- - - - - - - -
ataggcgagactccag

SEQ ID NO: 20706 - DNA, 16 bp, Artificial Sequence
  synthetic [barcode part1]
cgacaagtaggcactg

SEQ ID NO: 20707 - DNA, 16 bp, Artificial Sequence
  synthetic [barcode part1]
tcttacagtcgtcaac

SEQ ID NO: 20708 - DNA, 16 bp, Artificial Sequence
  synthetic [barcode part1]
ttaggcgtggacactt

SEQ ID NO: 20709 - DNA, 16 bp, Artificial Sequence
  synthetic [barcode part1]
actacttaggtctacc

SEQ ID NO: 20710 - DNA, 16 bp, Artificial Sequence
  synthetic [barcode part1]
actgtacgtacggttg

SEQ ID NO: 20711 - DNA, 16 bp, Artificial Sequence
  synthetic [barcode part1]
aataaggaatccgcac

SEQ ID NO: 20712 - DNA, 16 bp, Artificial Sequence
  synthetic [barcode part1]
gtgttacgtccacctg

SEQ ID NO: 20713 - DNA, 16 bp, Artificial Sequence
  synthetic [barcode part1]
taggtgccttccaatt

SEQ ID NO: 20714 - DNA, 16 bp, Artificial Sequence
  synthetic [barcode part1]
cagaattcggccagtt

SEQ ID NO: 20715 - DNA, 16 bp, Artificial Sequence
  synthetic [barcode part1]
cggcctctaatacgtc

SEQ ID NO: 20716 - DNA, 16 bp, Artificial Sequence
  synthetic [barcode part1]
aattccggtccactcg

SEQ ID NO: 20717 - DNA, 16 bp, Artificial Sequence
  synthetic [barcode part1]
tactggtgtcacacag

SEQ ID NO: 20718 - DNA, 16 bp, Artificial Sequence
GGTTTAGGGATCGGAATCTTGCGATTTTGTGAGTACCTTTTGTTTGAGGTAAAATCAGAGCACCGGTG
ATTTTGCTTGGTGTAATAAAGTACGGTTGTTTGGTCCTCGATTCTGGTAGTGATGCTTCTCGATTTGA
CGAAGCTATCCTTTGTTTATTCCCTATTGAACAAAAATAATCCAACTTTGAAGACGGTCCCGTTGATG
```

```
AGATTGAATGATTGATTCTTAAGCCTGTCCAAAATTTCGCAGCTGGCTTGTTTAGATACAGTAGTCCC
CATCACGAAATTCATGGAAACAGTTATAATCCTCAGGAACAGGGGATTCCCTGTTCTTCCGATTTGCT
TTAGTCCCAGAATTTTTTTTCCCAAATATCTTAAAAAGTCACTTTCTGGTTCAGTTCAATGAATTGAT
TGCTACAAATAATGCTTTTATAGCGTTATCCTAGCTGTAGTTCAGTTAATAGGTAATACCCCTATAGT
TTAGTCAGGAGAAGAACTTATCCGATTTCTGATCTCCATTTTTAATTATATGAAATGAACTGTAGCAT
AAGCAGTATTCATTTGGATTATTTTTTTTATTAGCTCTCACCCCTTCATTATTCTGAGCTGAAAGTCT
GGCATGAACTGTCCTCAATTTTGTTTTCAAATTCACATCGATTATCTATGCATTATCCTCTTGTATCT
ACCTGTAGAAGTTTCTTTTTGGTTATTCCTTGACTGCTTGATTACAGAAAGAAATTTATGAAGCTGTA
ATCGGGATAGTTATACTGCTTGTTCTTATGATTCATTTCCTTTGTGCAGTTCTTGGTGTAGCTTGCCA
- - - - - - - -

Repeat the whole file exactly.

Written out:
ataggcgagactccag

SEQ ID NO: 20706 - DNA, 16 bp, Artificial Sequence
  synthetic [barcode part1]
cgacaagtaggcactg

SEQ ID NO: 20707 - DNA, 16 bp, Artificial Sequence
  synthetic [barcode part1]
tcttacagtcgtcaac

SEQ ID NO: 20708 - DNA, 16 bp, Artificial Sequence
  synthetic [barcode part1]
ttaggcgtggacactt

SEQ ID NO: 20709 - DNA, 16 bp, Artificial Sequence
  synthetic [barcode part1]
actacttaggtctacc

SEQ ID NO: 20710 - DNA, 16 bp, Artificial Sequence
  synthetic [barcode part1]
actgtacgtacggttg

SEQ ID NO: 20711 - DNA, 16 bp, Artificial Sequence
  synthetic [barcode part1]
aataaggaatccgcac

SEQ ID NO: 20712 - DNA, 16 bp, Artificial Sequence
  synthetic [barcode part1]
gtgttacgtccacctg

SEQ ID NO: 20713 - DNA, 16 bp, Artificial Sequence
  synthetic [barcode part1]
taggtgccttccaatt

SEQ ID NO: 20714 - DNA, 16 bp, Artificial Sequence
  synthetic [barcode part1]
cagaattcggccagtt

SEQ ID NO: 20715 - DNA, 16 bp, Artificial Sequence
  synthetic [barcode part1]
cggcctctaatacgtc

SEQ ID NO: 20716 - DNA, 16 bp, Artificial Sequence
  synthetic [barcode part1]
aattccggtccactcg

SEQ ID NO: 20717 - DNA, 16 bp, Artificial Sequence
  synthetic [barcode part1]
tactggtgtcacacag

SEQ ID NO: 20718 - DNA, 16 bp, Artificial Sequence
GGTTTAGGGATCGGAATCTTGCGATTTTGTGAGTACCTTTTGTTTGAGGTAAAATCAGAGCACCGGTG
ATTTTGCTTGGTGTAATAAAGTACGGTTGTTTGGTCCTCGATTCTGGTAGTGATGCTTCTCGATTTGA
CGAAGCTATCCTTTGTTTATTCCCTATTGAACAAAAATAATCCAACTTTGAAGACGGTCCCGTTGATG
```

```
AGATTGAATGATTGATTCTTAAGCCTGTCCAAAATTTCGCAGCTGGCTTGTTTAGATACAGTAGTCCC
CATCACGAAATTCATGGAAACAGTTATAATCCTCAGGAACAGGGGATTCCCTGTTCTTCCGATTTGCT
TTAGTCCCAGAATTTTTTTTCCCAAATATCTTAAAAAGTCACTTTCTGGTTCAGTTCAATGAATTGAT
TGCTACAAATAATGCTTTTATAGCGTTATCCTAGCTGTAGTTCAGTTAATAGGTAATACCCCTATAGT
TTAGTCAGGAGAAGAACTTATCCGATTTCTGATCTCCATTTTTAATTATATGAAATGAACTGTAGCAT
AAGCAGTATTCATTTGGATTATTTTTTTTATTAGCTCTCACCCCTTCATTATTCTGAGCTGAAAGTCT
GGCATGAACTGTCCTCAATTTTGTTTTCAAATTCACATCGATTATCTATGCATTATCCTCTTGTATCT
ACCTGTAGAAGTTTCTTTTTGGTTATTCCTTGACTGCTTGATTACAGAAAGAAATTTATGAAGCTGTA
ATCGGGATAGTTATACTGCTTGTTCTTATGATTCATTTCCTTTGTGCAGTTCTTGGTGTAGCTTGCCA